Over- Watered Swedish Ivy-Why Most House Plants Die!

Hi Judy

I am doing a great job of killing this plant. Can’t figure out what I am doing wrong because I don’t know what type of plant this is. Please help.
Thanks
Meghann

Hi Meghann,

Your plant looks like a variegated Swedish Ivy (sometimes called Creeping Charlie)  but if you could email a closeup of an entire leaf, I could be more certain. This is what a variegated Swedish Ivy plant looks like. What do you think?

Green and white Swedish Ivy

Variegated Swedish Ivy (picture from National Gardening Ass.)

You appear to be over-watering your plant (whatever it turns out to be) and killing the roots. Most plants, especially small ones like yours, should be in a pot only an inch or two larger than the root ball. There must be drip holes in the bottom of the pot so excess water can drain out and the plant pot should never sit in water. If the plant roots are constantly wet, they disintegrate and can no longer supply the plant with water and nutrients from the soil. Also excess water displaces the oxygen in the soil that a plant needs. You can read all my care tips for a Swedish Ivy inthe Popular Houseplant section of the website. The picture is of the solid green variety but the careis practically the same. The only difference is that yours requires a bit more bright indirect lightVery few houseplants should be placed in direct sun. High light refers only to bright indirect light since direct sun often burns the leaves of indoor houseplants. An area that is too hot and dry encourages Spider Mites and causes blooms to quickly fade. A northern exposure really doesn't provide enough light for high light plants. These plants need to be placed directly in front of an east-facing window, within 1-3 feet of a west-facing window, and within 5 ft. of a south facing window. A high light area has over 300 ft. candles of light. to maintain the variegation in the leaves.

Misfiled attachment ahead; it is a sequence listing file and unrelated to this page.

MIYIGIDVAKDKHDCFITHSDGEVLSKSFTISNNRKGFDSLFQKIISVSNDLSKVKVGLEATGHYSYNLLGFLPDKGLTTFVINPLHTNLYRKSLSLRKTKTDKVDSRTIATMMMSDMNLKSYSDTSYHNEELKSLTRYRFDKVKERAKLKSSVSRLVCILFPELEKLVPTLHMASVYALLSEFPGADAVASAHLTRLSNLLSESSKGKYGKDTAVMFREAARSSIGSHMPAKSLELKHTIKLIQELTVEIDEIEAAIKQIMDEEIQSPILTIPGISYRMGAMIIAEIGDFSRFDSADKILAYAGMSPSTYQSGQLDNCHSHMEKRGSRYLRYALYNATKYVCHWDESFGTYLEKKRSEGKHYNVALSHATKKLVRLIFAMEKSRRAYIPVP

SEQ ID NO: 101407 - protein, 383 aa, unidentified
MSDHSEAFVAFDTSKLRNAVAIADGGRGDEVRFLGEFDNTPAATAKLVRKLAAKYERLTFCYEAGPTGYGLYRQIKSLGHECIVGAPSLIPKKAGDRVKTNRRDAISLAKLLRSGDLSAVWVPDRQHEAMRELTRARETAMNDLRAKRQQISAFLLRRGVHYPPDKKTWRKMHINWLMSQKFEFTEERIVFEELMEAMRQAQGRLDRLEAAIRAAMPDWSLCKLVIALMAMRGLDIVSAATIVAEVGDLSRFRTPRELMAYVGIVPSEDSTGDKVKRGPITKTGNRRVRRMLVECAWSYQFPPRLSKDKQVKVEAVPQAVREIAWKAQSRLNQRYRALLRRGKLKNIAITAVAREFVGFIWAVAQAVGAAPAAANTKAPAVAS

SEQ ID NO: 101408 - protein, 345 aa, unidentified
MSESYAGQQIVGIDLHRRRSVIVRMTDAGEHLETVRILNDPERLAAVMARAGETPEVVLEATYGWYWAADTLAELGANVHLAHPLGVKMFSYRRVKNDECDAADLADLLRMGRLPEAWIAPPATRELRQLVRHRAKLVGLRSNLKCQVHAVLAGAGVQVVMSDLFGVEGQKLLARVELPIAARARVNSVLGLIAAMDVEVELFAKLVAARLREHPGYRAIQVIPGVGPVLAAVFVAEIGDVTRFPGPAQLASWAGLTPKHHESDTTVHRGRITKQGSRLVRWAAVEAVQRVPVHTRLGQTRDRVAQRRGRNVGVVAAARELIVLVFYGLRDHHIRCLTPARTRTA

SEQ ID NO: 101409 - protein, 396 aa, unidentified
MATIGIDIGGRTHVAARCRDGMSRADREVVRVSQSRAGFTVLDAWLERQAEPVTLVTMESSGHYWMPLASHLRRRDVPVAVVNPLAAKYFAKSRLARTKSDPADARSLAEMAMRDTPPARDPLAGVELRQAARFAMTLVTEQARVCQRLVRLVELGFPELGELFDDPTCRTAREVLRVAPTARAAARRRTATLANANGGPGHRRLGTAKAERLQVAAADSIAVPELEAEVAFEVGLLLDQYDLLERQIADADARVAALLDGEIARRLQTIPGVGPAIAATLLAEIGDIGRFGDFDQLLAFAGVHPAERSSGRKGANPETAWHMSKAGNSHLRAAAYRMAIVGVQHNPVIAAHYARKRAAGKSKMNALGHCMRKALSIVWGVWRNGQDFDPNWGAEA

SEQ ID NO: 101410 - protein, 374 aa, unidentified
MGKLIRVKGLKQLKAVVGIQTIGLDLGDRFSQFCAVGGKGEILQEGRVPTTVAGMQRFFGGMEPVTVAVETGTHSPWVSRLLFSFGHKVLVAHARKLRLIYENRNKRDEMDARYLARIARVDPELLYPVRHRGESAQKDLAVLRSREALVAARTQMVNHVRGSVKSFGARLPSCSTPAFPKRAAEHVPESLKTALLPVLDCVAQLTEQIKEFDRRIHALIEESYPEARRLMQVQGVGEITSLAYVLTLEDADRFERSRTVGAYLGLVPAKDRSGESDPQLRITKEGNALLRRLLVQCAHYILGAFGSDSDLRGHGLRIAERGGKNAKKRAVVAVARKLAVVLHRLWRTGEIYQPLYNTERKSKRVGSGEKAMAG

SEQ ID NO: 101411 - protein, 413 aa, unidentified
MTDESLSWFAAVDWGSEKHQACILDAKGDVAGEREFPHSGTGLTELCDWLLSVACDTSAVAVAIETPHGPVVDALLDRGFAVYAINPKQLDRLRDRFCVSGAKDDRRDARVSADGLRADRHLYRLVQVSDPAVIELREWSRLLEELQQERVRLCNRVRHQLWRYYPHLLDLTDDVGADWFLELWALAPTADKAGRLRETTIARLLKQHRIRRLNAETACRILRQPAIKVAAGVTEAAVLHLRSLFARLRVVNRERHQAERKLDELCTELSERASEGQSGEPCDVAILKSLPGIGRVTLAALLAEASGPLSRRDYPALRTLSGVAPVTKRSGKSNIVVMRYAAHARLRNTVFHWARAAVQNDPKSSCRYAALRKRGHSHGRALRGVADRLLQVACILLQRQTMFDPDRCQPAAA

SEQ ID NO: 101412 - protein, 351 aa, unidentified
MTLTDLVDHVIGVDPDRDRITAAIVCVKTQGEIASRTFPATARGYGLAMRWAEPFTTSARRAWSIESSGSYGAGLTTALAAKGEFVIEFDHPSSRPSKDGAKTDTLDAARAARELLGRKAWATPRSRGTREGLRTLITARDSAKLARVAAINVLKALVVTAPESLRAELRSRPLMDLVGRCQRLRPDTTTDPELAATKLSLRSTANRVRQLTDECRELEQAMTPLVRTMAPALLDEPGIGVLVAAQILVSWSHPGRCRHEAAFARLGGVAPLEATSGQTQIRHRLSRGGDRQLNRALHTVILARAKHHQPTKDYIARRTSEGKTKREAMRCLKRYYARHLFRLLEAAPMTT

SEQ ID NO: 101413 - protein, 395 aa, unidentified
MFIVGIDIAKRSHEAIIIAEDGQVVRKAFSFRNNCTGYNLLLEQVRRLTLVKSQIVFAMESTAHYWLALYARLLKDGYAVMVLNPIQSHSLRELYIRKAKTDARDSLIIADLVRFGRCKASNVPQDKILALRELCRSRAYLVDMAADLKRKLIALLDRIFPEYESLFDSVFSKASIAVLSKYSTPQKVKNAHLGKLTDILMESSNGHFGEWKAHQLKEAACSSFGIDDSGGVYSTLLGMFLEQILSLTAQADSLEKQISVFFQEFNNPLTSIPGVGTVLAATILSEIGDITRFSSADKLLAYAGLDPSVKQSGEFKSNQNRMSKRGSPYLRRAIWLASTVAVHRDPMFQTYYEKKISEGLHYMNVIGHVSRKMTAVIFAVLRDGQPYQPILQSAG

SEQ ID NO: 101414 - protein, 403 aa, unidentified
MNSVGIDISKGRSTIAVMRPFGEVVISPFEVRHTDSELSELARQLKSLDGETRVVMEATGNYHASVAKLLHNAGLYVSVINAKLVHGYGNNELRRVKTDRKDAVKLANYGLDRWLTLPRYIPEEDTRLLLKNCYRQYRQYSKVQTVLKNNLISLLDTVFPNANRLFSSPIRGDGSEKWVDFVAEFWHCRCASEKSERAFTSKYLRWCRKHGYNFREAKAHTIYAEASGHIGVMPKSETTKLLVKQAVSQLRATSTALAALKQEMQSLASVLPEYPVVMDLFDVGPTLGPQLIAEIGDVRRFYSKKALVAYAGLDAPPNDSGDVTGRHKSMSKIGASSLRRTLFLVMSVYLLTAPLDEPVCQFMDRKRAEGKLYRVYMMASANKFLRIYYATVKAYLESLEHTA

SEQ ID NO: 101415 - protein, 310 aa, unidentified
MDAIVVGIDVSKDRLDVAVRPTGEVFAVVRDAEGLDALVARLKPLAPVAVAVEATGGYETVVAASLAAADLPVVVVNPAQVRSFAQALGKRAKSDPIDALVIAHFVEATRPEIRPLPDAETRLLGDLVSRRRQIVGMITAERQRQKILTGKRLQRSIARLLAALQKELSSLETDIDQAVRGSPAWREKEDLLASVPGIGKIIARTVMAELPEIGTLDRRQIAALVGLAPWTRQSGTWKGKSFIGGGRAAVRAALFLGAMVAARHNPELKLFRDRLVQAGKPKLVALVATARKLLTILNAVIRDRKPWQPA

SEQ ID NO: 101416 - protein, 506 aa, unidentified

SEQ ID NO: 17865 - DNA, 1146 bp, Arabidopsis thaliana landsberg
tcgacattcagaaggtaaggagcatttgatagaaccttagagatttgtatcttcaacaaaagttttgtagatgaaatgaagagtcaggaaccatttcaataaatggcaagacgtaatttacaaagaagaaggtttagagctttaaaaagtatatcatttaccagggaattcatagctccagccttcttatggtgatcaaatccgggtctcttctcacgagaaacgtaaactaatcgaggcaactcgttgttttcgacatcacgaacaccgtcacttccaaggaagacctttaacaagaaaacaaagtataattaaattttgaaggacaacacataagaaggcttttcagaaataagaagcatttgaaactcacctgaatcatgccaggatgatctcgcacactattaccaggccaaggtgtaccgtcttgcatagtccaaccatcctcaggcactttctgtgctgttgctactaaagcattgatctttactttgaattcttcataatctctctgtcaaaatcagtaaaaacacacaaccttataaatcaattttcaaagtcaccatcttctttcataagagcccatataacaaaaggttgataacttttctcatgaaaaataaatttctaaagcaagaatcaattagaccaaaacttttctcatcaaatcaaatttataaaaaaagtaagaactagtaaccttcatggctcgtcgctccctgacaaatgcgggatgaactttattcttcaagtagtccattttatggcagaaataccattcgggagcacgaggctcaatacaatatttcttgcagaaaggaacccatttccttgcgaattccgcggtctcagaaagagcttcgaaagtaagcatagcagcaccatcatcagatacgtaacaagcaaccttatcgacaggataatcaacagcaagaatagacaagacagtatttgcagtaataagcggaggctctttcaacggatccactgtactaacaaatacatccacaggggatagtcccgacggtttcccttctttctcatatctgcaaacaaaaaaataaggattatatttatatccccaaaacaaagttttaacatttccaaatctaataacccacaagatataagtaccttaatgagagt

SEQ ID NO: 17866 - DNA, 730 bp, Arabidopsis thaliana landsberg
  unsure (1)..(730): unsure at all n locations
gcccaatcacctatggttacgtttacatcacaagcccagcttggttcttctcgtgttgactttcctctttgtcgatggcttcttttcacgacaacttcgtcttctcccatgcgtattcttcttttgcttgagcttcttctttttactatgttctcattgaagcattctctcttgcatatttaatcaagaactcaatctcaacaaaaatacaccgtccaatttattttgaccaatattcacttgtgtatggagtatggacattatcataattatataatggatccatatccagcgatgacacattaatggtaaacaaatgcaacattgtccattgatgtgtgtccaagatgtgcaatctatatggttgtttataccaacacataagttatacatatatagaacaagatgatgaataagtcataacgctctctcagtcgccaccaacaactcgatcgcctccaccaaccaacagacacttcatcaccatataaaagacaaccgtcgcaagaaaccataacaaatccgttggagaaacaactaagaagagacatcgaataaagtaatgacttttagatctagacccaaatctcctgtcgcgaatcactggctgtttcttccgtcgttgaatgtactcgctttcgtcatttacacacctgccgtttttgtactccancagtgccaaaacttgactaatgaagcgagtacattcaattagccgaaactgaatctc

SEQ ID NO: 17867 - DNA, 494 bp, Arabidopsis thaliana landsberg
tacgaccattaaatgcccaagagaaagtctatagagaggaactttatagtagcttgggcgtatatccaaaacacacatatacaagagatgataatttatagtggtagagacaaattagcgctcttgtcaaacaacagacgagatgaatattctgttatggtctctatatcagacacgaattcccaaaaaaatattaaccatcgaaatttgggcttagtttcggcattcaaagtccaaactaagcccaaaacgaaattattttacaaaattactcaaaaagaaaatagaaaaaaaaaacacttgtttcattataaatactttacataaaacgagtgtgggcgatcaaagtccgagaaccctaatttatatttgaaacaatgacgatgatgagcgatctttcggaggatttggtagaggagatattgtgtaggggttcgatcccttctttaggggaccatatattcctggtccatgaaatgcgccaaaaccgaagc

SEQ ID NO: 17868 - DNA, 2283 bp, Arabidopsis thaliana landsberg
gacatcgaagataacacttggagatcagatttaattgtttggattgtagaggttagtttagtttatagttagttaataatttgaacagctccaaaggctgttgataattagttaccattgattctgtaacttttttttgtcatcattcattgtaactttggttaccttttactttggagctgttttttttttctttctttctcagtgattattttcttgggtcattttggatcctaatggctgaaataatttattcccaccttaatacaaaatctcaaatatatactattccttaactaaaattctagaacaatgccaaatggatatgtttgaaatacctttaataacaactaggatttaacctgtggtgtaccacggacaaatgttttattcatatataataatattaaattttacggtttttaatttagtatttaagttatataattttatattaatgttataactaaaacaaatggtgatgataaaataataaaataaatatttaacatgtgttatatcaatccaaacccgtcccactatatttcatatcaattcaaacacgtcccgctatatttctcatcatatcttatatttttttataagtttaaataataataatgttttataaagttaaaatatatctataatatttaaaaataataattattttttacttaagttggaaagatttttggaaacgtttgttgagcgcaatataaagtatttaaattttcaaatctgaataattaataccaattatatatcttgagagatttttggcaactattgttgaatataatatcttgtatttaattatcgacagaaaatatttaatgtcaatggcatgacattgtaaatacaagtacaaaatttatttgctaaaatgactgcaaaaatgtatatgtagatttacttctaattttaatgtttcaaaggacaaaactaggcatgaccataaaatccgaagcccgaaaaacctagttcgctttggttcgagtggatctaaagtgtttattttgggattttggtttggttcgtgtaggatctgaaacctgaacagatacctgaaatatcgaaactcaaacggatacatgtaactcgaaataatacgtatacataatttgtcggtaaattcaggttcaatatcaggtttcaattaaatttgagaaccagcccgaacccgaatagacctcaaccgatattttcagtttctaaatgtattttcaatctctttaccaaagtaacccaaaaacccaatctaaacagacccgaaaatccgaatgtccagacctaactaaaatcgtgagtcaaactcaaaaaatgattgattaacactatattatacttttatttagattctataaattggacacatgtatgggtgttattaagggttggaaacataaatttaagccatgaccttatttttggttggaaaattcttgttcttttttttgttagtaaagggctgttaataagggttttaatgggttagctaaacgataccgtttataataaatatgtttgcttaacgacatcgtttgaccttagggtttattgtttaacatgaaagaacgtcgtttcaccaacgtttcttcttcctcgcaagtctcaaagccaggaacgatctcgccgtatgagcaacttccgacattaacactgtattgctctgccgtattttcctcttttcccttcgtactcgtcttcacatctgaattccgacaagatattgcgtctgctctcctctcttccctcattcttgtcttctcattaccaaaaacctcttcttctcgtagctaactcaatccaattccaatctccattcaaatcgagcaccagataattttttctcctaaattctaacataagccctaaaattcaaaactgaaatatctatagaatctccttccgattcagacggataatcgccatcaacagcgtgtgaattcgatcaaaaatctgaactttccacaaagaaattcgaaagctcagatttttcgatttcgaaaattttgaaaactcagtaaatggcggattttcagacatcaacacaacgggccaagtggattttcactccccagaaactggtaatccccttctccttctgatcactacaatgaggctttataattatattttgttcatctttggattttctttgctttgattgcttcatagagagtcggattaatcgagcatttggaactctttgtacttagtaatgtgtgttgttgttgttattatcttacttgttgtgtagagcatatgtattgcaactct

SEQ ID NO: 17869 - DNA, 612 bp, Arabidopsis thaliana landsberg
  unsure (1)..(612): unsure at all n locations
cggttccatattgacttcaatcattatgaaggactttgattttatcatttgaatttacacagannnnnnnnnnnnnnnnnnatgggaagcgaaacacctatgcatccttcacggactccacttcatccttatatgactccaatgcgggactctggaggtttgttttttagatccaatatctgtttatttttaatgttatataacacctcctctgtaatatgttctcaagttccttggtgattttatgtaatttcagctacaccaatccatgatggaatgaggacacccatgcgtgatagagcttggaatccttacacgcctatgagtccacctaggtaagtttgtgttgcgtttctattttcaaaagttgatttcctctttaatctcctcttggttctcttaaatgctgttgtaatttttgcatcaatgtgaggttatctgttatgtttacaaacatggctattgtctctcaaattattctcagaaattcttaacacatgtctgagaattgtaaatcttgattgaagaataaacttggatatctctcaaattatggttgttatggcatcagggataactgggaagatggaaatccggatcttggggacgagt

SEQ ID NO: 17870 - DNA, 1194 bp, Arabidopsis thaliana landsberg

https://www.houseplant411.com/houseplant/swedish-ivy-plectranthus-how-to-grow-care